Computed properties

It is a very common situation for an entity to have a property with the value that is derived from other properties of the entity. For example, we may associate a FullName property with a person, and its value is a combination of the first and last names. While you can define a helper method GetFullName() to compute full name, it is often convenient and natural to have a property FullName on the entity itself. For some UI binding implementations it might be a requirement to have a property, not a method as a binding target.
VITA provides an easy way to define a computed property on an entity. The Computed attribute identifies a property as computed and specifies the method that performs the computation.
The method GetFullName is static and is defined in BookExtensions class:

    public static string GetFullName(IAuthor author) {
      return author.FirstName + " " + author.LastName;
    }

The method used for computed property must be a function returning a value, with single parameter matching the type of the entity. We can now use this property as any other "real" property:

  Console.WriteLine("  Author: " + author.FullName);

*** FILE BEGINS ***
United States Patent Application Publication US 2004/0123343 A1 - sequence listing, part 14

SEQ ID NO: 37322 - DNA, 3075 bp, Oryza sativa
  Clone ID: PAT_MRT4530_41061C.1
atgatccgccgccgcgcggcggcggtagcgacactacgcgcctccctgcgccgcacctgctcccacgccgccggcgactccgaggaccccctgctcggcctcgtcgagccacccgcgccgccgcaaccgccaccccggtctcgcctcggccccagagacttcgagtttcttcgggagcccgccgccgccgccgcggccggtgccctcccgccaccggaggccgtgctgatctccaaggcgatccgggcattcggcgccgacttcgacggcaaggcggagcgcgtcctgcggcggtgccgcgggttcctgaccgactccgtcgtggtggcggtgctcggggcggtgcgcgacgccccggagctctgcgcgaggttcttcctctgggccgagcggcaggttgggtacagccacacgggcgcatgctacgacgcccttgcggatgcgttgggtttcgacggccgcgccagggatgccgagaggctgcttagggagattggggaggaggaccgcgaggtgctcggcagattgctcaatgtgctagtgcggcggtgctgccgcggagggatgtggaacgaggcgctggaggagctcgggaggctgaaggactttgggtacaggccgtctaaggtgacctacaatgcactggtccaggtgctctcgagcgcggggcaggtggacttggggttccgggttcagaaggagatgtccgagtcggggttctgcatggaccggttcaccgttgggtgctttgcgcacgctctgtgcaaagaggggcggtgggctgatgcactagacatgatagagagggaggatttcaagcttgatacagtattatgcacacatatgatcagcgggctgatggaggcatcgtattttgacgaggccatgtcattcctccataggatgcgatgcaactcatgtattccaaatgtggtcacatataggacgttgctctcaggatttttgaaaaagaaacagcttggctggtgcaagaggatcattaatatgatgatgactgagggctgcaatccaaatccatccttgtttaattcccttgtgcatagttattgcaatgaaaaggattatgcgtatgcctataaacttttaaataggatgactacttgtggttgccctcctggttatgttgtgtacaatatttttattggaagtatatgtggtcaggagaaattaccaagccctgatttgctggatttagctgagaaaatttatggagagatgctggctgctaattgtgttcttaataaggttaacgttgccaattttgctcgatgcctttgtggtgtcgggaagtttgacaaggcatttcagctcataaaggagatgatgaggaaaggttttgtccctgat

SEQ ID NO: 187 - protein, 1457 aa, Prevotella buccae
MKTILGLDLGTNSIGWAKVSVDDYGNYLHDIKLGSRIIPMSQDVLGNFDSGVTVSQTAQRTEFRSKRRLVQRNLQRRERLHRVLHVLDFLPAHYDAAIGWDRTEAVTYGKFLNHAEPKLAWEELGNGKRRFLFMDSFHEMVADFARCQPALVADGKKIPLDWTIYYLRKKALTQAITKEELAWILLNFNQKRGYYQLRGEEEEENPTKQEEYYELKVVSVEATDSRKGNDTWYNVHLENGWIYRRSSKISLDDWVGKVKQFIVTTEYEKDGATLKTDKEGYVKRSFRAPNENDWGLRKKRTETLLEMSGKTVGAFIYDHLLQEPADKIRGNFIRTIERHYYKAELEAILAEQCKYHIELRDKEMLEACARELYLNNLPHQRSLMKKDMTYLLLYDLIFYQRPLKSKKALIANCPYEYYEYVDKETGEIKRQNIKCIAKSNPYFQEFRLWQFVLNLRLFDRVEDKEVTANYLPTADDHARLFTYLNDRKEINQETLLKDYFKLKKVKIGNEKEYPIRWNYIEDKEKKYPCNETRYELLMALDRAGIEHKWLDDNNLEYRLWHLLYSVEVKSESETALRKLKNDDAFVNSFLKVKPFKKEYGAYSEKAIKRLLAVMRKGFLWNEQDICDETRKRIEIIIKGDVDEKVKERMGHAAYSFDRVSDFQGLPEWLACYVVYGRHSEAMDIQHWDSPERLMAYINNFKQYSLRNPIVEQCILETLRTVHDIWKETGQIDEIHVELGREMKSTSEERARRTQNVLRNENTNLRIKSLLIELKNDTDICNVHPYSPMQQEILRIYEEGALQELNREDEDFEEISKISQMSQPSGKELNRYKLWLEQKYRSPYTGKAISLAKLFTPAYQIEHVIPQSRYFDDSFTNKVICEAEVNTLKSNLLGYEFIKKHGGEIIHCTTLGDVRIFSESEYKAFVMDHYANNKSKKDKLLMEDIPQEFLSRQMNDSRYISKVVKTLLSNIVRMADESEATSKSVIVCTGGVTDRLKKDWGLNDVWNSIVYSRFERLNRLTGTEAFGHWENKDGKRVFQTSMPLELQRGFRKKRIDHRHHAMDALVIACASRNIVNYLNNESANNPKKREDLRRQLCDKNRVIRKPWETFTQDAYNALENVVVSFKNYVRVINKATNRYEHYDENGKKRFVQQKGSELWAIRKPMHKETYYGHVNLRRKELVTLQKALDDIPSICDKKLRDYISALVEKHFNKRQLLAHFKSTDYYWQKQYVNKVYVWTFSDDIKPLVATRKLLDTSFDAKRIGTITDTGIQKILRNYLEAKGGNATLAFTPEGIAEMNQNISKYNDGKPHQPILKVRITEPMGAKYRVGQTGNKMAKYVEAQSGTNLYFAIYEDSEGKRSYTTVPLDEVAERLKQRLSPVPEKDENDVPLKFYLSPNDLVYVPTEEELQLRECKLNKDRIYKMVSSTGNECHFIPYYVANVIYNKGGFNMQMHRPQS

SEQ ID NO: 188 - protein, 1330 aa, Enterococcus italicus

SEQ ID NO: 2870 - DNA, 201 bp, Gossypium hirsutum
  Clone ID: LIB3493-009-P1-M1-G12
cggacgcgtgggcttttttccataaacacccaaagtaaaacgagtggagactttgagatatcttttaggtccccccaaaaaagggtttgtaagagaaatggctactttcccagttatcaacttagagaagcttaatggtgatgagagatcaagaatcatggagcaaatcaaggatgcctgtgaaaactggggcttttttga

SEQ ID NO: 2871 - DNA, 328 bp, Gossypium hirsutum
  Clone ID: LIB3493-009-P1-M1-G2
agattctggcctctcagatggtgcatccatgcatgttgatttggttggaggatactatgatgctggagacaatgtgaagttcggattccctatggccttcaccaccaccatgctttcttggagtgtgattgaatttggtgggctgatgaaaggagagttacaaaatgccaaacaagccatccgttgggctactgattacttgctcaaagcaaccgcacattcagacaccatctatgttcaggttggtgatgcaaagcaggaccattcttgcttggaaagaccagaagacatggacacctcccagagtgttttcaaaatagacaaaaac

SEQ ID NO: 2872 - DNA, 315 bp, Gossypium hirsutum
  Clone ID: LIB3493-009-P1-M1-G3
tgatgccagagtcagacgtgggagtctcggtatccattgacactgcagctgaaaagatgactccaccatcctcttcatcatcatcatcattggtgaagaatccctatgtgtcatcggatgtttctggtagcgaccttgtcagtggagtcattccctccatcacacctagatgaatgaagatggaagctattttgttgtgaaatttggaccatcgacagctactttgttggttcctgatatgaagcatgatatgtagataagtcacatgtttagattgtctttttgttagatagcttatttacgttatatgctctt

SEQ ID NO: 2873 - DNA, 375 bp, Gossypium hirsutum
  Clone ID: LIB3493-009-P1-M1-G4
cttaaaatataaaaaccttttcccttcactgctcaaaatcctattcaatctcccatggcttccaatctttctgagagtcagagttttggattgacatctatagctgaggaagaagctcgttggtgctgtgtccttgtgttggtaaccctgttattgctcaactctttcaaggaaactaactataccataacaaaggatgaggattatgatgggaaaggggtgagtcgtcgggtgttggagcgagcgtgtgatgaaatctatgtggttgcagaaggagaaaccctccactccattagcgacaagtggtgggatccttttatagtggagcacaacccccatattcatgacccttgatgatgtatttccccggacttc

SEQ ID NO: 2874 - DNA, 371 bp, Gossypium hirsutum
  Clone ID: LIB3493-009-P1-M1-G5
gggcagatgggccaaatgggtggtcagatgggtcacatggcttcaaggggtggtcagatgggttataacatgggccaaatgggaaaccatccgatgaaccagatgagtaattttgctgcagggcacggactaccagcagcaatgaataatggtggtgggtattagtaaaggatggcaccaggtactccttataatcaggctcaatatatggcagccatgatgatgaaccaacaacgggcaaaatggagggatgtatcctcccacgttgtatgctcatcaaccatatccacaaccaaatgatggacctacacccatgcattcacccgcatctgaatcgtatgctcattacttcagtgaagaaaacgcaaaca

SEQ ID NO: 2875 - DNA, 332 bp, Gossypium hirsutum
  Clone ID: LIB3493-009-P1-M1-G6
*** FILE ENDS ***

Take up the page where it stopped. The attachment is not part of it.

The optional attribute DependsOn on FullName property lists the properties that this property depends on. Entity instances at runtime are objects implementing the standard .NET INotifyPropertyChanged interface. Each time you modify a property, the entity fires the property-changed event. For complex binding scenarios, it is convenient to have the object fire property-changed for computed property whenever any of its 'parts' change - this behavior is provided using the DependsOn attribute. Each time you change FirstName or LastName, the entity raises 2 PropertyChanged events: one for the property you assign like FirstName, and the other one for the FullName.

Extension methods

For complex entity models, it is convenient to define various extension methods for creating new entities, or for some other complex operations on entities. This way the code for a new entity collapses into a single line. Let's define a static extension class for entities in our model - we will use these methods in our sample code:

  public static class BookExtensions {
    
    public static IPublisher NewPublisher(this IEntitySession session, string name) {
      var pub = session.NewEntity<IPublisher>();
      pub.Name = name;
      return pub;
    }

    public static IAuthor NewAuthor(this IEntitySession session, string firstName, 
          string lastName) {
      var auth = session.NewEntity<IAuthor>();
      auth.FirstName = firstName;
      auth.LastName = lastName;
      return auth;
    }

    public static IBook NewBook(this IEntitySession session, BookEdition editions,